The researchers ‘ work is interesting and valuable in the moment when the data quality increases significantly, that is since 2000 years, when it was introduced “a 13 percent flat tax on the income of the richest Russians — income, which Reagan, Thatcher and Lincoln could only dream of.” This change — regardless of how she was terrible from the point of view of the left — has given researchers the opportunity to conduct serious analysis of government statistics, as it put an end to the era of massive tax evasion.
For the first time, Western scholars have used data on the national income tax, as well as the data of a study to determine the level of income. This increases the Gini coefficient, which is used to assess inequality, and increases the share of income accruing to the richest 10% of the population. But what is even more interesting, the researchers drew attention to the difference between the huge active trade balance and a small net worth of foreign assets, which Russia has managed to accumulate just 25% of national income by 2015.
In part, this discrepancy can be explained by the huge profits that foreign investors get from buying Russian assets in mid-1990-ies, when they were sold at ridiculous prices. However, a much more significant factor was the flight of capital. Pickett and his colleagues believe that by 2015, the size of offshore wealth that wealthy Russians had managed to save was 75% of national income — it was three times more than the official gold reserves of the country. This is not the exact figures, but, in contrast to calculations the level of inequality in the late 1980s and early 1990s, they intuitively seem plausible, given offshore structure for large and even medium-sized Russian companies and a lot of evidence that Russian money goes through Western financial centres.
There is nothing surprising in the conclusion that the overseas is as much of Russian money in Russia. Sergei Glazyev, economic Advisor to President Vladimir Putin, said that the size of offshore wealth Russians make up approximately one trillion dollars, and half of these resources will never return home. One trillion dollars is 78% of last year’s output, and this estimate accords closely with the findings of Piketty and his colleagues. However, the eye adheres to views that are so far from the current economic mainstream that the West, almost no one pays attention to him. Meanwhile, the names of Piketty and his colleagues let their assessments and conclusions to acquire a completely different level of credibility.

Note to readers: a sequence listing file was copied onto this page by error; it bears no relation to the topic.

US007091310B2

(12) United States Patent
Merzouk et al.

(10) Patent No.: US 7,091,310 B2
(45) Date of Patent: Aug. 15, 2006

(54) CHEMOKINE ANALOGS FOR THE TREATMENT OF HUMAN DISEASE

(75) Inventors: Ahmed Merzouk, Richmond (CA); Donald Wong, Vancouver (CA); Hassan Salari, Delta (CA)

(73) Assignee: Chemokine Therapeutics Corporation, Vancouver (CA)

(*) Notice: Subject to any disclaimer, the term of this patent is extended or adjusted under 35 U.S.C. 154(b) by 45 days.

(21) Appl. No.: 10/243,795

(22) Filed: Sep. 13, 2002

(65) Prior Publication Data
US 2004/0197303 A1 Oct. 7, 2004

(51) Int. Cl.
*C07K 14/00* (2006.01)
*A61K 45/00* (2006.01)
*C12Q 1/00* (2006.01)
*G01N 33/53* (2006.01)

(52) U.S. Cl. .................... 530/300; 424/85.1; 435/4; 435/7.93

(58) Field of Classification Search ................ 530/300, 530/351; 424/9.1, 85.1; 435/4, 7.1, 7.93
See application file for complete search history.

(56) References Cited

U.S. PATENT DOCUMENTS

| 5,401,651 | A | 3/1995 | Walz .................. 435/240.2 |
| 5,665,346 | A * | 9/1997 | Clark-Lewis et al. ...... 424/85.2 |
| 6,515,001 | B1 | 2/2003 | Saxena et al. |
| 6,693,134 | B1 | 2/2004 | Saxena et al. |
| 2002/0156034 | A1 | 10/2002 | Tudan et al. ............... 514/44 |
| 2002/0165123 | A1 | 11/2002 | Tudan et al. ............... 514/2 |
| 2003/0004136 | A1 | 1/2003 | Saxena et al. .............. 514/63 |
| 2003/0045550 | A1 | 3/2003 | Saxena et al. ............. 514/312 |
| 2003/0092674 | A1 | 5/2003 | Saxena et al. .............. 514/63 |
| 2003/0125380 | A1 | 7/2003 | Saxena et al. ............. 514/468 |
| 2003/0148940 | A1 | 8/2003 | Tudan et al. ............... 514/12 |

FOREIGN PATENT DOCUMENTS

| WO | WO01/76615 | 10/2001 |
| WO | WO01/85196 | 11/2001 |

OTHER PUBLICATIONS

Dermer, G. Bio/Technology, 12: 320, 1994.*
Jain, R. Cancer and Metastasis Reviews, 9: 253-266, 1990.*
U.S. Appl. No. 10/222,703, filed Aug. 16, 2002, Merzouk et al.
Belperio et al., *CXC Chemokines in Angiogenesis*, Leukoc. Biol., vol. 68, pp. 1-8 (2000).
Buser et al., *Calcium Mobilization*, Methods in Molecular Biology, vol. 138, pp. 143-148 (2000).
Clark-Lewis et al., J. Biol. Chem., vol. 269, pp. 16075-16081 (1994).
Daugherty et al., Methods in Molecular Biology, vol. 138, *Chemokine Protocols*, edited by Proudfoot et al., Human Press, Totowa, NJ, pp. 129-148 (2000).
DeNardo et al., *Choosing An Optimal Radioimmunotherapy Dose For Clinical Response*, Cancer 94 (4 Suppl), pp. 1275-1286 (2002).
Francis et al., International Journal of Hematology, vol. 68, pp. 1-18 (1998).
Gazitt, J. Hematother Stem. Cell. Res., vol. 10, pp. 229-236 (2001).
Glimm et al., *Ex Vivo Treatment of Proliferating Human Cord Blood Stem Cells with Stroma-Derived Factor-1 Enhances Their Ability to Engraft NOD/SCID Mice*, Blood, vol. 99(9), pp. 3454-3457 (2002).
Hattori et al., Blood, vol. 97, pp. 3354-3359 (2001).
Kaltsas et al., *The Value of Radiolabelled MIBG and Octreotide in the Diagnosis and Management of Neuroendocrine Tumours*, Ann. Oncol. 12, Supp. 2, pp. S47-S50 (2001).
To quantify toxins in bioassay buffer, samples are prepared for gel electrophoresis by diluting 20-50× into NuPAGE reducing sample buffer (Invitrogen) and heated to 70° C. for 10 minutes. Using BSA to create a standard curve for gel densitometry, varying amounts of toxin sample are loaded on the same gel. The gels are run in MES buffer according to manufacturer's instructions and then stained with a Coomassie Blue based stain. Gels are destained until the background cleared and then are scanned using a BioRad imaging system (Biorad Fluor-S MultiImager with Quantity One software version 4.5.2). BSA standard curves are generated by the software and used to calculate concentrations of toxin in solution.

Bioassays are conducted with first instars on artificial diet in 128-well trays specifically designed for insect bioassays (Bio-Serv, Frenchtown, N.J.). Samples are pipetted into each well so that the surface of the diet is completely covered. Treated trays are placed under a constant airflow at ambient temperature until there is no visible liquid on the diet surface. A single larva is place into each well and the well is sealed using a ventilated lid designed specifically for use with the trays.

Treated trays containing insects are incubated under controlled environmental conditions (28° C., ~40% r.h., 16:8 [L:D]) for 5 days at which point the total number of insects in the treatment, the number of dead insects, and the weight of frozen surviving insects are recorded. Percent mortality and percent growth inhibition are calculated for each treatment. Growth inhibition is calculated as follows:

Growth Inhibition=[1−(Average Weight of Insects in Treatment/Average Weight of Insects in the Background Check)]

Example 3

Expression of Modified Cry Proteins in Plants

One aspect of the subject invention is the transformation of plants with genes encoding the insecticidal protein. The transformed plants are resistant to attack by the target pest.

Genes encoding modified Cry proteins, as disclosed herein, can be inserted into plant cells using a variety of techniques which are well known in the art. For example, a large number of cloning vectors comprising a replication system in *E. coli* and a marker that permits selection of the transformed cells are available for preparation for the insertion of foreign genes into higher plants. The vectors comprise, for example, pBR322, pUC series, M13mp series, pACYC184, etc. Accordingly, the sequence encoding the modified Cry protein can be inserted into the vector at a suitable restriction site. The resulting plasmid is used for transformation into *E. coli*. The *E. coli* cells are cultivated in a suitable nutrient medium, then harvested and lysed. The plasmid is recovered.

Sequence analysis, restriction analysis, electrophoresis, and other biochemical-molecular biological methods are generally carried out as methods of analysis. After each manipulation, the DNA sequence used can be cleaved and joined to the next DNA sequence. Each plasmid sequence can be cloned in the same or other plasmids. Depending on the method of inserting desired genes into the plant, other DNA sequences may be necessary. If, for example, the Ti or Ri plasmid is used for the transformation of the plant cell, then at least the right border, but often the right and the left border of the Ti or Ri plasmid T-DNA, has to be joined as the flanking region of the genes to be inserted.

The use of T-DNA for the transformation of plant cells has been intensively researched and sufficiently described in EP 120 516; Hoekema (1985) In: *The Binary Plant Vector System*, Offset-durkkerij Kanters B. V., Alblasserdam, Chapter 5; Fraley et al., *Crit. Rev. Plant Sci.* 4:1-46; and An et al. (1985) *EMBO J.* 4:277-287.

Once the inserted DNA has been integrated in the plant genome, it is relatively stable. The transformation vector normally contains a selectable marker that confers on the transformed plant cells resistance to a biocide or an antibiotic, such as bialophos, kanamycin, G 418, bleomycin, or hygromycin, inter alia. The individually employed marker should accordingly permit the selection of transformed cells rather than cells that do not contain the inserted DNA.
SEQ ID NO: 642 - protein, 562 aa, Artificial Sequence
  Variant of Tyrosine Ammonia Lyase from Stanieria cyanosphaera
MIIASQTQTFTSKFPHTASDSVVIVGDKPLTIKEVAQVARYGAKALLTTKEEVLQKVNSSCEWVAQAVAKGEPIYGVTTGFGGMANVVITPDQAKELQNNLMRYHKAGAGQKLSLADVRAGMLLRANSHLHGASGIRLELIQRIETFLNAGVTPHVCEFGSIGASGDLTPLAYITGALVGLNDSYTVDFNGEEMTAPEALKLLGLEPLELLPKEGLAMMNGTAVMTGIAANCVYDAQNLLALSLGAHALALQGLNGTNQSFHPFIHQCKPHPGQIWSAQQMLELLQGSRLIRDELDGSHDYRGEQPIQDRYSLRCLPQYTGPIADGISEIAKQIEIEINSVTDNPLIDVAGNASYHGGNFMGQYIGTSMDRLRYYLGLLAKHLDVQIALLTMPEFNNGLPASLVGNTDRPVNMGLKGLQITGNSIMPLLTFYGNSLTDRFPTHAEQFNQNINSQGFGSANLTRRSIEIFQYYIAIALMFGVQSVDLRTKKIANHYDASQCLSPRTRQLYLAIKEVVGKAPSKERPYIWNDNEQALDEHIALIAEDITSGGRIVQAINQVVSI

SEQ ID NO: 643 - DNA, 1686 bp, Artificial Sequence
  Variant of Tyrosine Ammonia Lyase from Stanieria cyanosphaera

The picture painted by Piketty and his colleagues, is a picture of the country devastated by the oligarchs, who managed to concentrate in their hands huge wealth. “Extreme inequality in Russia appears to be reasonable as long as the billionaires and the oligarchs remain loyal to the Russian government and perceived national interests,” they write.
All this raises the question of whether Western sanctions are hitting in the heart of the Russian system or was it only an appearance. Since the imposition of sanctions, no Western government has not made significant attempts to understand the origin of those hundreds of billions of dollars that are in offshore accounts of Russians. No significant attempts to freeze the accounts also had been taken. Money are still where they were, or are invested inside or outside of Russia for the implementation of the “alleged national interests” or for other purposes. (Putin also would like to have control of these funds, but they do not belong to his associates.)
Western attempts to trace the sources of these resources and make them available to a democratic Russia after Putin can radically change the situation. But it will require much more work and may result in numerous highly unpleasant revelations relating to Western business and politics. The current sanctions regime is not simply designed to stir up this nest of snakes.